A man has gone on trial accused of repeatedly elbowing his
partner in the back when she wouldn't stop coughing in bed.
Matthew Crann, of Red Beach, north of Auckland, denies a
charge of assaulting his former partner, Elizabeth Currie.
The case began before a jury in Manukau District Court this
The Crown alleges Mr Crann elbowed Ms Currie several times in
the back while they lay in bed on the morning of August 26,
Crown prosecutor Carl Mcdiarmid said Ms Currie had the flu
and when she kept coughing, Mr Crann became angry and shouted
at her before elbowing her repeatedly.
Mr Mcdiarmid told the jury an assault was to touch someone
intentionally without their consent, and didn't need to be
hard or cause an injury.
"That's really the only question that you need to ask
yourselves: Did the defendant strike Ms Currie?"
Ms Currie, a self-employed horse trainer, told the court she
had been in a relationship with Mr Crann for two and a half
years and had lived with him at their Clevedon house for
about a year.
She woke up on August 26 feeling sick and was coughing.
"Instead of being consoled by Matt I was told to 'shut the
f*** up' and if I was going to continue to cough and make
that noise at that time of the morning I should get the f***
out of the room."
Ms Currie said she began to cry, and Mr Crann then elbowed
her five or six times in her spine as she lay on her side.
The blows were hard enough to "knock the wind out of me".
She said Mr Crann left the house soon afterwards, and when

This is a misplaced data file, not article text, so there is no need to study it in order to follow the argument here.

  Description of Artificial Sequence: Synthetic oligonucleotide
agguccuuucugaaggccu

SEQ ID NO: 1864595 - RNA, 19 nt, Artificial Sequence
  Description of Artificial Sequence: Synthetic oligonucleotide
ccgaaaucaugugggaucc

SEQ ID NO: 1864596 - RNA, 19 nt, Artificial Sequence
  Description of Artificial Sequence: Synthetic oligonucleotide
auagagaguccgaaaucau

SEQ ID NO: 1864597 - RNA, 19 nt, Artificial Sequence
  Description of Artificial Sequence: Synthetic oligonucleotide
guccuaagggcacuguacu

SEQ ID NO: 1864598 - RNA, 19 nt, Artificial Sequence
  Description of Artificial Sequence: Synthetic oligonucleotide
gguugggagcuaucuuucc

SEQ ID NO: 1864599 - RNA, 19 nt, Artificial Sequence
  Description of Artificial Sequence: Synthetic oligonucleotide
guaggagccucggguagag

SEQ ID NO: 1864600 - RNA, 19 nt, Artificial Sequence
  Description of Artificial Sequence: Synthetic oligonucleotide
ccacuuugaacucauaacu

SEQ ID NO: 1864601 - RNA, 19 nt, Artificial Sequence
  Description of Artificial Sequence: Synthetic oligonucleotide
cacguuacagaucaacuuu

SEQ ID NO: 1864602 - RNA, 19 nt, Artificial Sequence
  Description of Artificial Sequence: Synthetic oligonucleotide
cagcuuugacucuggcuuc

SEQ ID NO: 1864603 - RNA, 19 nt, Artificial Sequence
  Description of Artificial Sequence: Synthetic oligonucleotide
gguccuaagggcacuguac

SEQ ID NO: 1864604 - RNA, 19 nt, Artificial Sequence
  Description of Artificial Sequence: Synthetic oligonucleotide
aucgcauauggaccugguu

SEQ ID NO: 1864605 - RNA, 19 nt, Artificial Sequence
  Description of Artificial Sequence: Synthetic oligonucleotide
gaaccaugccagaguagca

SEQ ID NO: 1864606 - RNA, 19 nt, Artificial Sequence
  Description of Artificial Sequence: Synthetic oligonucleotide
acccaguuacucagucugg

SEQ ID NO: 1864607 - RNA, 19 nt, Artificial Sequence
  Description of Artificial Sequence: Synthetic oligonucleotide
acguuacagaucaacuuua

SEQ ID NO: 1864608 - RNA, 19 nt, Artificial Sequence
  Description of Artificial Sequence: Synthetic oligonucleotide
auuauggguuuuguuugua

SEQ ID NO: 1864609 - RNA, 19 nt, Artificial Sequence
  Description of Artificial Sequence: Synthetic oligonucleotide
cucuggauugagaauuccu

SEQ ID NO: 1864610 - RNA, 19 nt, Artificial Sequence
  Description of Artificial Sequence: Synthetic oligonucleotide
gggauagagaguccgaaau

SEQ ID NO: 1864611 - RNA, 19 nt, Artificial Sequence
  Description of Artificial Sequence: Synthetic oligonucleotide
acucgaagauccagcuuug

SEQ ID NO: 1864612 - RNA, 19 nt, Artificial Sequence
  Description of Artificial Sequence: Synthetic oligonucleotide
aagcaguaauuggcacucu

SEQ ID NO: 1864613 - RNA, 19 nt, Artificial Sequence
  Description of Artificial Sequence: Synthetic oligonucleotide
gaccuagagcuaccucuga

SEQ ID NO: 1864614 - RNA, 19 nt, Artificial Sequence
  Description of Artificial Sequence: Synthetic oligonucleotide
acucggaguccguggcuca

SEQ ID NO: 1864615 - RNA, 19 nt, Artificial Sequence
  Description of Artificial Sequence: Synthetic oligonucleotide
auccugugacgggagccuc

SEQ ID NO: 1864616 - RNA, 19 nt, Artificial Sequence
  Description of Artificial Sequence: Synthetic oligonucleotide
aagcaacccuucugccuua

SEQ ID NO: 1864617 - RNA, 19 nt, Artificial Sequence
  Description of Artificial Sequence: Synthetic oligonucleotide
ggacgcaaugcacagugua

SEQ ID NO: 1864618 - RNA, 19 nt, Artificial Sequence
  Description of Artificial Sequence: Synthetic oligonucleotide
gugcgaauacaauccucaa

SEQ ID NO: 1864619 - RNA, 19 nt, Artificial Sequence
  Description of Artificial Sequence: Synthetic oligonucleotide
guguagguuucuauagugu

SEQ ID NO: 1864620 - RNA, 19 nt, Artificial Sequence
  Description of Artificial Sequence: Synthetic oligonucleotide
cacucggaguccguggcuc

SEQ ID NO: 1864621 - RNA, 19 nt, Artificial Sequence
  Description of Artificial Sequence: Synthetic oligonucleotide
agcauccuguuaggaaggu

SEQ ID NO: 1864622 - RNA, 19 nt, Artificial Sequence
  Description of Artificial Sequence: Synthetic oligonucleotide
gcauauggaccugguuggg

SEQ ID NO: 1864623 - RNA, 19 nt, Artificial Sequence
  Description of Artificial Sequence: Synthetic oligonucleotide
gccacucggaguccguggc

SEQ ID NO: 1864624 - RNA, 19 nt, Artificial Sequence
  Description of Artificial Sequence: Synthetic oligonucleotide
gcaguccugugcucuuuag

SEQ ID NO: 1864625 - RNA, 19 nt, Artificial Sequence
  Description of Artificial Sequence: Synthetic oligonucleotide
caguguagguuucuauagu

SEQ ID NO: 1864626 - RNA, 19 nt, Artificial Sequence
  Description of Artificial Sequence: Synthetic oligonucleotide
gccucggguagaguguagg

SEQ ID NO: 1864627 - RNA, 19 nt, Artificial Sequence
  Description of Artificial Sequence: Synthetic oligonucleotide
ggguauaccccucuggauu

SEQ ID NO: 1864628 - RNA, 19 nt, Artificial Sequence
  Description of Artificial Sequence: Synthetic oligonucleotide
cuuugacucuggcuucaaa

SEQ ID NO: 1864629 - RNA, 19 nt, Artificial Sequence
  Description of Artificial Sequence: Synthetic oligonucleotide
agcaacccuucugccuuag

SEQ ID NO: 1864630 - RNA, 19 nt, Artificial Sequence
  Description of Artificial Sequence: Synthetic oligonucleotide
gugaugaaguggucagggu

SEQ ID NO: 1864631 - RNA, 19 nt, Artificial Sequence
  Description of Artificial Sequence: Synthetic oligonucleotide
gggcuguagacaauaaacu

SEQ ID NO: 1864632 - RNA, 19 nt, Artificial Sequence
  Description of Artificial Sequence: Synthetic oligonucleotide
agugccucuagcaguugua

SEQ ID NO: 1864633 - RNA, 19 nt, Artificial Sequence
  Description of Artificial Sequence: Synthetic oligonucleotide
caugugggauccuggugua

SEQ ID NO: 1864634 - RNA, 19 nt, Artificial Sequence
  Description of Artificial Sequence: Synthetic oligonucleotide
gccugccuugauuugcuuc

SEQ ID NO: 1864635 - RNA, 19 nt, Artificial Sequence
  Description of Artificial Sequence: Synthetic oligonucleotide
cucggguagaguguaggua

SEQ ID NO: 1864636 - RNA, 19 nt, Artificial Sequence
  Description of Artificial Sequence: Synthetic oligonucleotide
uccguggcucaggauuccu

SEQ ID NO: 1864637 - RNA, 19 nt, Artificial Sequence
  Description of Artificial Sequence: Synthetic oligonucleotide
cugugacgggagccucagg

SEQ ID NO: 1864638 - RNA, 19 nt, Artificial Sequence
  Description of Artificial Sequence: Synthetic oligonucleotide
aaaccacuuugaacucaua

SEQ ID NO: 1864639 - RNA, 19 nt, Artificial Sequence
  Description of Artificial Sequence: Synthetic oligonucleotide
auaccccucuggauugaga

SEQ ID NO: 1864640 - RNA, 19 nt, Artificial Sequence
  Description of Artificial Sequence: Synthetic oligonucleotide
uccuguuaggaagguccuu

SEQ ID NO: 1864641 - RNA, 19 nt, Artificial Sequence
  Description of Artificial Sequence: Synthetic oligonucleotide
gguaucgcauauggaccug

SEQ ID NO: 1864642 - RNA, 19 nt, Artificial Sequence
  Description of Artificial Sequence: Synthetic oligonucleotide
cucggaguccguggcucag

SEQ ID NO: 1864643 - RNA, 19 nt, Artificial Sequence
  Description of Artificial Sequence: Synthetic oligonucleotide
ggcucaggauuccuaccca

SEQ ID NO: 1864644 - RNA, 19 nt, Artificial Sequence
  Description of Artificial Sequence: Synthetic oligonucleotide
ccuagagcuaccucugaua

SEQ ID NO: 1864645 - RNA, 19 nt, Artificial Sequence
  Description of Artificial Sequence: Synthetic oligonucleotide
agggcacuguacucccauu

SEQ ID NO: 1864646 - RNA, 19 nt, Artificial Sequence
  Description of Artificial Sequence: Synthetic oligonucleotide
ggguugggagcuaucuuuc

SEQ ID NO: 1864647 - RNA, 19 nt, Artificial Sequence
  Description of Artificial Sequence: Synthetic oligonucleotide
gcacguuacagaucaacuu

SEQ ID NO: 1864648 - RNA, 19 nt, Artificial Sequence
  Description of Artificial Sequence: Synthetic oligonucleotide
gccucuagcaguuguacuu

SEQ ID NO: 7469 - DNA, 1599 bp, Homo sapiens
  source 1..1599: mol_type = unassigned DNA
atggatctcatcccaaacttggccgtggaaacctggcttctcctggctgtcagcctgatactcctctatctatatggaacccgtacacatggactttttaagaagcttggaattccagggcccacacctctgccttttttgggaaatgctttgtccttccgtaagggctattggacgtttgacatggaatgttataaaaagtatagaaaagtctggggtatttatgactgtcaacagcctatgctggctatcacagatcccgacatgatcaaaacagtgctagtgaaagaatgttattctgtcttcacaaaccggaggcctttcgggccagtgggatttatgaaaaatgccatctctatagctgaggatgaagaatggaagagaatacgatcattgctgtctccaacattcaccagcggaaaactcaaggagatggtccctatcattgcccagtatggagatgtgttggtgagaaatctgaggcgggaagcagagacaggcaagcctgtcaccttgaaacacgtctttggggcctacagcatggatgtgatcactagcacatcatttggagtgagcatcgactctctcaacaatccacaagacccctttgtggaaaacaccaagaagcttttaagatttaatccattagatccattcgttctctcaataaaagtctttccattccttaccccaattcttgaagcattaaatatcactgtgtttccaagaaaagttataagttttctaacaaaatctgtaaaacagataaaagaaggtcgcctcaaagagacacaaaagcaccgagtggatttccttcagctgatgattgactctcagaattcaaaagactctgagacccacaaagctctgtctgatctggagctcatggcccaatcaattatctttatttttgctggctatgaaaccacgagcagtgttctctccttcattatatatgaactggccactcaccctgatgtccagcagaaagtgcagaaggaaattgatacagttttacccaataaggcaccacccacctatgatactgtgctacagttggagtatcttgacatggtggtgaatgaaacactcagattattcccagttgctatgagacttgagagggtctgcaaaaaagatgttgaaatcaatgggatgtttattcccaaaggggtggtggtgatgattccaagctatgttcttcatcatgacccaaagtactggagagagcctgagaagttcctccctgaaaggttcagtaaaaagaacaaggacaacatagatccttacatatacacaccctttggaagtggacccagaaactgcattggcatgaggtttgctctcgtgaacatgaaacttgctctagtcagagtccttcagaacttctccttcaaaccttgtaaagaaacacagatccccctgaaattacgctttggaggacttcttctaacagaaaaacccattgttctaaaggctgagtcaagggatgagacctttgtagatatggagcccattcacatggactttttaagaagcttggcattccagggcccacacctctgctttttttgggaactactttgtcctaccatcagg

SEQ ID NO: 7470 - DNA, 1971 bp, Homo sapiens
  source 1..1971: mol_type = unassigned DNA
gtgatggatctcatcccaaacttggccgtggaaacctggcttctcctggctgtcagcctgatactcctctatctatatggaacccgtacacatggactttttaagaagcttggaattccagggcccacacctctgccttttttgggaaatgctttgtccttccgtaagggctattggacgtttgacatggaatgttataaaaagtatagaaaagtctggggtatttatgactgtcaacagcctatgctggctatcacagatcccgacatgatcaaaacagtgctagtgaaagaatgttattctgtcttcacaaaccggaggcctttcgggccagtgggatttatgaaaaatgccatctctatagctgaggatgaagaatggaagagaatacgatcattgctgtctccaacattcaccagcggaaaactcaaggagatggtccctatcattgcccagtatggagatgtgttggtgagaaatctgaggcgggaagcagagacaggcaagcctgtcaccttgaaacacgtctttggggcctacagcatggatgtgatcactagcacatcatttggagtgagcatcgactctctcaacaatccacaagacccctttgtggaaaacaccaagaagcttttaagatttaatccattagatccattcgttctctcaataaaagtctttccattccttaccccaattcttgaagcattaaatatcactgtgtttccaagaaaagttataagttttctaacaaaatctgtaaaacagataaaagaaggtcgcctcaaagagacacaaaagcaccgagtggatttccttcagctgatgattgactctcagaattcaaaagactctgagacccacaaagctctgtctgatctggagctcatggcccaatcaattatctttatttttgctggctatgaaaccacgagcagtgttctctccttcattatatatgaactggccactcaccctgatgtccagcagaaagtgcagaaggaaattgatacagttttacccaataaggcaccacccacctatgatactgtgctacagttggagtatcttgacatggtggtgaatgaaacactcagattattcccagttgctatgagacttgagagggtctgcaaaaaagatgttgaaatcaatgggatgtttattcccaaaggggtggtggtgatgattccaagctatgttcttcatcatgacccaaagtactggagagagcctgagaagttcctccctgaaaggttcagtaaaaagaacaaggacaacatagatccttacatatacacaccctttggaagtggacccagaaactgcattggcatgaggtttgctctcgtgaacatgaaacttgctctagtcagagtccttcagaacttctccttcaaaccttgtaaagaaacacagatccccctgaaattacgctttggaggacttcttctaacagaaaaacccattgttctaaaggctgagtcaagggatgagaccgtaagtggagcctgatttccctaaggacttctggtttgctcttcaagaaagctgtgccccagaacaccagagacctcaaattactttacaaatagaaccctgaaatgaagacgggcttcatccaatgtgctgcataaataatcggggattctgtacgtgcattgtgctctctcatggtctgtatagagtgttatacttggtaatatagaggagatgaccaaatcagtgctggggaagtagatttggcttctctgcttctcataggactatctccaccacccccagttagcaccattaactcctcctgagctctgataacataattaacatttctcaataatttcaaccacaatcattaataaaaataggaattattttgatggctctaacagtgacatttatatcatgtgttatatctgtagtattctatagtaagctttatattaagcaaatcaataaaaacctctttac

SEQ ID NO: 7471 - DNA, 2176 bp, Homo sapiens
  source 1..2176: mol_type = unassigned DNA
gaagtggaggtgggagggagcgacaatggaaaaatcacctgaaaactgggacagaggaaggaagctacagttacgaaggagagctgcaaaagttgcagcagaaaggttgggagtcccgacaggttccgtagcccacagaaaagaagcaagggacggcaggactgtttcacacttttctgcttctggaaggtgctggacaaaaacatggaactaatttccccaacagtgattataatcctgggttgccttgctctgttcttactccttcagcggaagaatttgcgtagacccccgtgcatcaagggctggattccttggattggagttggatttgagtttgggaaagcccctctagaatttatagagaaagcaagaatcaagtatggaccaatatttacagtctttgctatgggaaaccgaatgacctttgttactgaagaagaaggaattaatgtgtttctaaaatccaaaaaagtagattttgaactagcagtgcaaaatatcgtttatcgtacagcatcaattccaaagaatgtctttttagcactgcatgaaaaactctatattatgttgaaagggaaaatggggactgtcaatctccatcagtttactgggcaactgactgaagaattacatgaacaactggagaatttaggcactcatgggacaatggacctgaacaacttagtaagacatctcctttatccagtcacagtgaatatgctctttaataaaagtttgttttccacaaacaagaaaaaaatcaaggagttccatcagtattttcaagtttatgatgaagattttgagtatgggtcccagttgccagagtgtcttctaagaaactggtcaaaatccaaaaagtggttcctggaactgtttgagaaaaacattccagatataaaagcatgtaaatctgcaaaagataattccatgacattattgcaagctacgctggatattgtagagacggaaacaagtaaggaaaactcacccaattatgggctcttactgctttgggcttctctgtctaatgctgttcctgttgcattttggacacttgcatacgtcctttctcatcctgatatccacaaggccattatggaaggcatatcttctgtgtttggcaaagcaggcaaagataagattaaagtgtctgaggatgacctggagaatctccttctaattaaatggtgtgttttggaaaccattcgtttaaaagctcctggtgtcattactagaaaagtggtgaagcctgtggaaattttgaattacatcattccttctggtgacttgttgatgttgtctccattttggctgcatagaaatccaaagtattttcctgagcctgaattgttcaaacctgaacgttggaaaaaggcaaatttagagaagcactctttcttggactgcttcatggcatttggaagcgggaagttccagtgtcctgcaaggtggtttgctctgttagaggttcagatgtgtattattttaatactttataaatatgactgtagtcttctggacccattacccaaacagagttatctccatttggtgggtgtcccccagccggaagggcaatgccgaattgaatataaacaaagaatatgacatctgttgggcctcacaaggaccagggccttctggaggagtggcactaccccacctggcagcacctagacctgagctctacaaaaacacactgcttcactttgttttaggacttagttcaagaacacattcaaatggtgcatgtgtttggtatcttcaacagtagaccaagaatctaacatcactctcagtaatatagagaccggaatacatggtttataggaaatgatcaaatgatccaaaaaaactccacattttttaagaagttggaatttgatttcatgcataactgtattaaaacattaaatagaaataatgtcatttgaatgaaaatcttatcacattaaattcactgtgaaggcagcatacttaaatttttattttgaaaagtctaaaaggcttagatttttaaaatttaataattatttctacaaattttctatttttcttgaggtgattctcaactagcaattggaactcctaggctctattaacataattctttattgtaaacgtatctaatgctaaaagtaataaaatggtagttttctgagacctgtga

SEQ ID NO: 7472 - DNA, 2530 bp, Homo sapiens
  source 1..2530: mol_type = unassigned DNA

she returned later from making a statement to police, she
found him loading belongings into a trailer.
Defence lawyer Russell Fairbrother QC said the incident never
The defendant was a decent, hardworking man, who had a clean
record save for a minor driving conviction, he said.
Mr Fairbrother raised contradictions in evidence over when
the first police statement was taken, whether Ms Currie was
struck hard enough to push her out of bed, and whether she
was elbowed or punched.
Mr Crann told the court the relationship had broken down and
he had planned to move out of their home on August 26.
Ms Currie had "a little bit of a cold" that morning but was
sitting up in bed with her back against a pillow when he woke
about 6am, he said.
He was not angry, but had become annoyed when Ms Currie
"hounded" him about where he was going, and accepted he may
have told her to shut up.
But he said he left the house for a 7am appointment without
incident, and returned later to pack up some personal
Mr Crann denied elbowing her or hitting her on any occasion.
The trial continues.